The advancing development of technology has led to an increased use of electrical equipment and consequently, to an increase in noise in the lab.
Uncontrolled noise pollution can have negative effects on the health, performance and concentration of lab staff, therefore noise levels must be considered when purchasing new equipment.
This application note evaluates the noise generation of PCR thermal cyclers in varying operational states to assess how different instruments affect background noise levels.
Download this application note to discover:
The recommended noise guidelines for staff safety
How sound tonality can alter background noise
The best PCR thermal cyclers for a quiet and productive lab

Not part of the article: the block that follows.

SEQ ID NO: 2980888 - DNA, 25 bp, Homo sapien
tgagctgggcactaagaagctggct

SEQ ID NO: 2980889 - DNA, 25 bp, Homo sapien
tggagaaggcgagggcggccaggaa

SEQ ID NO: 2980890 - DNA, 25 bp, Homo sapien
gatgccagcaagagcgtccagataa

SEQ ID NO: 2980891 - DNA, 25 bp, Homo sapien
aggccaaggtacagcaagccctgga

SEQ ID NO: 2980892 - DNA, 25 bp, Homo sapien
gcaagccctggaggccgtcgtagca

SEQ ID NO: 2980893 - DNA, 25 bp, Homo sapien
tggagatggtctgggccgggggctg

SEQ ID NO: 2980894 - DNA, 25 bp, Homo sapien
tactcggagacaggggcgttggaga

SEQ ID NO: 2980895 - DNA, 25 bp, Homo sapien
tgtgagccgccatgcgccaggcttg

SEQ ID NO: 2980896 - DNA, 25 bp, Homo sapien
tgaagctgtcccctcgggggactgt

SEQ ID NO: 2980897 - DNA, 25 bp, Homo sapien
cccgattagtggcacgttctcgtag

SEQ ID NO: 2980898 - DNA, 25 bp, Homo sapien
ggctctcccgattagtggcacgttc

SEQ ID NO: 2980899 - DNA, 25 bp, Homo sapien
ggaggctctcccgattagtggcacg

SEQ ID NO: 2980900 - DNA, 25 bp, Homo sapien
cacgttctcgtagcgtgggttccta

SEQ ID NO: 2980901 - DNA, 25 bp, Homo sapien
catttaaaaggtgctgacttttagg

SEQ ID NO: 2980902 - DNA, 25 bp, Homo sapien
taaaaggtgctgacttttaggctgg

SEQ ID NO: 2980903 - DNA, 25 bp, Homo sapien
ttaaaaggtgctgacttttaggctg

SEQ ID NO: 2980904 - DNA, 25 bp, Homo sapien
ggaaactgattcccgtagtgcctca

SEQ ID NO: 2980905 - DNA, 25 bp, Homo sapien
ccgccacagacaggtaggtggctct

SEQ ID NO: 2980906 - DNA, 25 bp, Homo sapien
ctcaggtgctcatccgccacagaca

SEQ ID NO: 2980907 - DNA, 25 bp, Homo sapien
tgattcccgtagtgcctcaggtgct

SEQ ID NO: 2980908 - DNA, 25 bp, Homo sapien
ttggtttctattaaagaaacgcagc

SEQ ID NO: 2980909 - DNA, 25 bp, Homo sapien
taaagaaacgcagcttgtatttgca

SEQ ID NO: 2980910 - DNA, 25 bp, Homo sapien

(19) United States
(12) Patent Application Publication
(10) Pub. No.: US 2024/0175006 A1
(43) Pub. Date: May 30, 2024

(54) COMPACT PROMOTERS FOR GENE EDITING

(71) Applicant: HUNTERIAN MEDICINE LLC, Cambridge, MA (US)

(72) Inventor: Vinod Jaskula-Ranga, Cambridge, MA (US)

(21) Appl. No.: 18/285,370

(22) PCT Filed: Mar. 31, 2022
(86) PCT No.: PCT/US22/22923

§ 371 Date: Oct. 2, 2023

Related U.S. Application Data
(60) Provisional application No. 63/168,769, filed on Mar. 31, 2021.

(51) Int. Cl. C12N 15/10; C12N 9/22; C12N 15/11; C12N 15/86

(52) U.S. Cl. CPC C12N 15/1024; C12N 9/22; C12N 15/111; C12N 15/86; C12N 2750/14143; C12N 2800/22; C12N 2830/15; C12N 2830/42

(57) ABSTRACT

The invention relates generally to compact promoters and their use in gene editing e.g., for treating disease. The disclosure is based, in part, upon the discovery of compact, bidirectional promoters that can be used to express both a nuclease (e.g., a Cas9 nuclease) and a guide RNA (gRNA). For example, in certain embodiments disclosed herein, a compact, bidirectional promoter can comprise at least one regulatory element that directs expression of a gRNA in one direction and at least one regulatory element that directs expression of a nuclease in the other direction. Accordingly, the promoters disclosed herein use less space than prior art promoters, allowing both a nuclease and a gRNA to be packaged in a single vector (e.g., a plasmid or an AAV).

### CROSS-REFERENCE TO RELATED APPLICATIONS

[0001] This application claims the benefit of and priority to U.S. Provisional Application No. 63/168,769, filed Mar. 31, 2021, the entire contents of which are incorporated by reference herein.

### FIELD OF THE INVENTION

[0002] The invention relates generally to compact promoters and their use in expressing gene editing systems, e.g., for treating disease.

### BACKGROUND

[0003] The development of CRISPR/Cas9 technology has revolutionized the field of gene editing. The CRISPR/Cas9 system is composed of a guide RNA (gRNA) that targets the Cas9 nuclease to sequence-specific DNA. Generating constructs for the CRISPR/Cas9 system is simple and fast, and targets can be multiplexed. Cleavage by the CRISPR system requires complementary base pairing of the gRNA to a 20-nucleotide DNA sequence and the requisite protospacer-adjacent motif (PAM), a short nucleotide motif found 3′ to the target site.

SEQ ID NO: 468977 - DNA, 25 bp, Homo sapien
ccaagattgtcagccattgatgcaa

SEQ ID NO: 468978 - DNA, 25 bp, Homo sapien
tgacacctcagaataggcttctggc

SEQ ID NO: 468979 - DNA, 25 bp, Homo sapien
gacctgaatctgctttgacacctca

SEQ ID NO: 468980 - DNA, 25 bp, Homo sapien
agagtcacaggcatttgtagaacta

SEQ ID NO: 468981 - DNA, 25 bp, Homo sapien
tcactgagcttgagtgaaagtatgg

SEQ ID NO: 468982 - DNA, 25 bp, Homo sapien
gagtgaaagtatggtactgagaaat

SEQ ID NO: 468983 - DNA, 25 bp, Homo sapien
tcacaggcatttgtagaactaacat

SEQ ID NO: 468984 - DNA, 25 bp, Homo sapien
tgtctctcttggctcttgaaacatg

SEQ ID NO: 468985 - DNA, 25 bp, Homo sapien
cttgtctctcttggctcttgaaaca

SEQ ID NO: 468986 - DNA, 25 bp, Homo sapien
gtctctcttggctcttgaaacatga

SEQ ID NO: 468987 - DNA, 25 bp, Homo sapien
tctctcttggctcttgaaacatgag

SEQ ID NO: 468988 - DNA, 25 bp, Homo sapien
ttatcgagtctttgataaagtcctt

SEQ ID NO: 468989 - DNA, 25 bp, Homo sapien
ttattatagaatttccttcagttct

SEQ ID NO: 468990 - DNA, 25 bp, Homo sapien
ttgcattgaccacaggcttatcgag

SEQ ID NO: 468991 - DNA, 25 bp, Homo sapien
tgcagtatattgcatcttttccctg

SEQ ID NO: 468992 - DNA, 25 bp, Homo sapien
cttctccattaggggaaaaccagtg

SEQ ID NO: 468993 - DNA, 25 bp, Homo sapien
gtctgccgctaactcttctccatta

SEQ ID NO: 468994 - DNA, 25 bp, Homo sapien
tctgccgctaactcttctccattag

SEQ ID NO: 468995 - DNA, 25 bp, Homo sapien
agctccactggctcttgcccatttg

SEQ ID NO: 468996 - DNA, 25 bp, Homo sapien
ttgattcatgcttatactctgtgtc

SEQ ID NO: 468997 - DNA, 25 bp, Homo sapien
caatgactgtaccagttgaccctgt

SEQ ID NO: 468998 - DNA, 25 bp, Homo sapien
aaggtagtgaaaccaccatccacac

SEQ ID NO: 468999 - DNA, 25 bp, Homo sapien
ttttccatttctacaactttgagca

Sustained noise exposure has a negative impact on people’s health, ability to concentrate and performance. A major part of the noise level in a lab is emitted by different types of equipment like smaller centrifuges, various power supplies and thermal cyclers. This application note evaluates the noise level generation of six thermal cyclers in 3 operational states. The obtained values reveal that the new Eppendorf Mastercycler® X40 stands out among its competitors both in terms of emitted noise levels and potential annoyance by tonality. Introduction The development of work processes in modern laboratories has led to an increased usage of electronic equipment emitting noise. The diverse negative effects of noise pollution on humans have been investigated in numerous scientific articles [1-4]. The WHO Environmental Noise Guidelines for the European Region delivers substantial evidence that connects environmental noise exposure to adverse health outcomes . Hence, noise levels should be considered when comparing standard lab equipment such as thermal cyclers within the same market range. This application note evaluates both the absolute noise levels and an additional factor, the tonality, which can contribute to a perceived annoyance, of six thermal cyclers. A noise is tonal if it contains a recognizable tone for the human ear, that stand out from the average background noise . The presence of such tone is perceived as annoying by most people . All six devices were measured by the independent technical inspection association TÜV NORD under 3 different operational states.APPLICATION NOTE I No. 474 I Page 2 Manufacturer Model Eppendorf Mastercycler® X40 Bio-Rad® T100TM VWRTM XT96 Himedia® Prima-96TM Applied Biosystems® SimpliAmpTM Bioneer AllinOneCyclerTM Table 1: List of thermal cyclers under examination The sound power level was determined by TÜV NORD in A-weighted decibel [dB(A)] for six thermal cyclers listed in Table 1 in accordance with DIN EN ISO 3744. Material and Methods The measurements were taken at the following three operational states: 1. Idle state: Thermal cycler switched on, temperature control of block and lid turned off, with no application running on device. 2. Continuous (hold step) temperature control of the block at 4 °C. 3. Standard 3-step PCR program shown in Table 2. Lid 105 °C Eppendorf Header Settings Energy-saving mode Temperature mode ON Standard 3-step PCR program Denaturation 95 °C/15 s Annealing 60 °C/15 s Elongation 72 °C/30 s Table 2: Settings of the used Standard 3-step PCR program All measurements were performed using an inserted 96 well PCR plate (high profile unskirted Eppendorf twin.tec® PCR Plate 96). The plate positions of columns 1, 3, 5, 8, 10, 12 were filled with 30 μL H₂O each, thus filling 48 of the 96 well positions. The plate was sealed with Eppendorf Heat Sealing Foil using the HeatSealer 200 from Eppendorf to prevent evaporation. APPLICATION NOTE I No. 474 I Page 3 Result and Discussion The six tested cyclers emitted different sound power levels in the three tested operational states (idle, PCR run and 4 °C). In particular, the average noise level of the Mastercycler X40 and Prima-96TM during idle state (Figure 1) were 30.2 and 30.1 dB(A), respectively. These values are too low for relevant differentiation of the operating noise to the surrounding sound level. However, thermal cyclers T100TM and AllinOneCyclerTM emitted a comparable high sound power level of 54.2 and 57.7 dB(A) in the idle state, respectively. In human sound perception, an increase of sound power level by 10 dB(A) means a doubling of the loudness [8, 9]. Hence, the generated noise in the idle state of both cyclers is perceived more than 4 times stronger than noise emitted by the Mastercycler X40, and Prima-96. Figure 1: Sound power levels of the thermal cyclers during three operational states. Measurements with tonality indicated with purple lines. 25 30 35 40 45 50 55 60 65 Mastercycler® X40 T100TM XT96 Prima-96TM SimpliAmpTM AllinOneCyclerTM Sound power level [db (A)] Idle PCR run 4°C 30.2 40.5 54.2 54.9 40.9 55.3 36.6 39.3 53.5 30.1 56.5 57.1 44.0 56.1 55.9 57.7 59.4 59.6 Sound power level [dB(A)] XT96 Prima-96TM SimpliAmpTM AllinOneCyclerTM PCR Run Mastercycler® X40 T100TM 25 30 35 40 45 50 55 60 65 Mastercycler® X40 T100TM XT96 Prima-96TM SimpliAmpTM AllinOneCyclerTM Sound power level [db (A)] Idle PCR run 4°C PCR Run Idle 4 °CAPPLICATION NOTE I No. 474 I Page 4 During a standard 3-step PCR program (table 2) the cycler XT96 and Mastercycler X40 generated comparable low sound power levels of 39.3 and 40.5 dB(A), respectively. As the following passages will pay attention to sound power levels and sound pressure level, the difference of both terms is explained shortly. The “sound power level is the acoustic energy emitted by a source which produces a sound pressure level at some distance. While the sound power level of a source is fixed, the sound pressure level depends upon the distance from the source and the acoustic characteristics of the area in which it is located” . According to the recommendation of ISO 11690-1 the sound pressure should not exceed 45 dB(A) for meeting rooms or tasks involving concentration. Since the here presented sound power levels were determined in an essentially free sound field above a reflecting plane, a correction factor of 8 dB(A) was subtracted (as recommended by the TÜV) to obtain the sound pressure level in a 1 m distance. A sound source will produce a higher sound pressure level in a small reflective room than in a large acoustically dead room . The sound power levels of the cycler T100, Prima-96, SimpliAmpTM and AllinOneCycler ranged between 54.9 and 59.4 dB(A). Thus, these values represent corrected sound pressure levels between 46.9 and 51.4 dB(A) which are not recommended for tasks involving concentration. Similarly, these four cyclers reached noise pressure values over 45 dB(A) during continuous temperature control of the block at 4 °C. The intensity of the operational noise power level under different states for each thermal cycler varied within the range of approximately 1 (T100) and 27 dB(A) (Prima-96). Hereby, the biggest span is detected between cyclers that have very low noise when idle to being loudest when cooling at 4 °C, such as shown by thermal cyclers XT96 and Prima-96 (Figure 1). During all operational states the Mastercycler X40 did not exceed a sound power level of 41 dB(A). All other cyclers exceeded a sound power level of 55 dB(A) in at least one of the operational states. The AllinOneCycler generated the highest noise emission of 59.6 dB(A) during all three operational states. Even if the here detected noise power levels do not lead to hearing hazard they can cause stress and can be perceived 0 5 10 15 20 25 30 35 40 45 50 16 31.5 63 125 250 500 1k 2 k 4 k 8 k Idle PCR-Run 4°C Medium surface sound pressure level [dB(A)] Frequenz [Hz] Tonality Idle PCR Run 4 °C Figure 2: Exemplary medium surface sound pressure level in a 1 m distance in dB(A) from thermal cycler XT96. A tonality detected at 315 Hz during a continuous hold step at 4 °C is indicated with a purple arrow.APPLICATION NOTE I No. 474 I Page 5 as annoying. To evaluate potential additional annoyance generated by cyclers even during activities below a hearing hazard-causing noise level, the presence of tonality was tested according to Norm DIN 45645-2 2012-09. A sound is tonal when sound components are clearly audible and their presence by a third-octave analysis can be demonstrated  (see an example for tonality in Figure 2). Consequently, cycler SimpliAmp and AllinOneCycler are tonal during all operational states (purple lines in Figure 1). Furthermore, tonality was detected for cycler Prima-96 (PCR, 4 °C) and cycler XT96 (4 °C). The Mastercycler X40 as well as the T100 showed no tonality. It must be noted that the above data reflects the noise levels from a single thermal cycler. In a lab where there is usually more than one cycler at different operational states, the cumulative noise generation would be significant. Figure 3 shows the number of Mastercycler X40 devices which are theoretically needed to generate a comparable noise level as the other evaluated cyclers. Since cycler XT96 showed a similar sound power level than the Mastercycler X40 during the PCR run, one Mastercycler X40 device is needed to emit a comparable sound power level. 28, 40 and 36 Mastercycler X40 would have to be used simultaneously to emit a comparable noise level as the cycler T100, Prima-96 and SimpliAmp, respectively. As an extreme example, 78 Mastercycler X40 would be needed to reach the sound power level of one AllinOneCycler. Figure 3: Number (rounded to 1) of the Mastercycler X40 devices needed to generate a corresponding sound power level of the other tested cycler during a PCR program. 10 cyclers correspond to a doubling of the sound power level due to the logarithmic relationship of both parameters. During all operational states the measurement results presented here show that the Mastercycler X40 did not exceed a sound power level of 41 dB(A). Furthermore, no potential annoyance by tonality was detected for the Mastercycler X40 and the T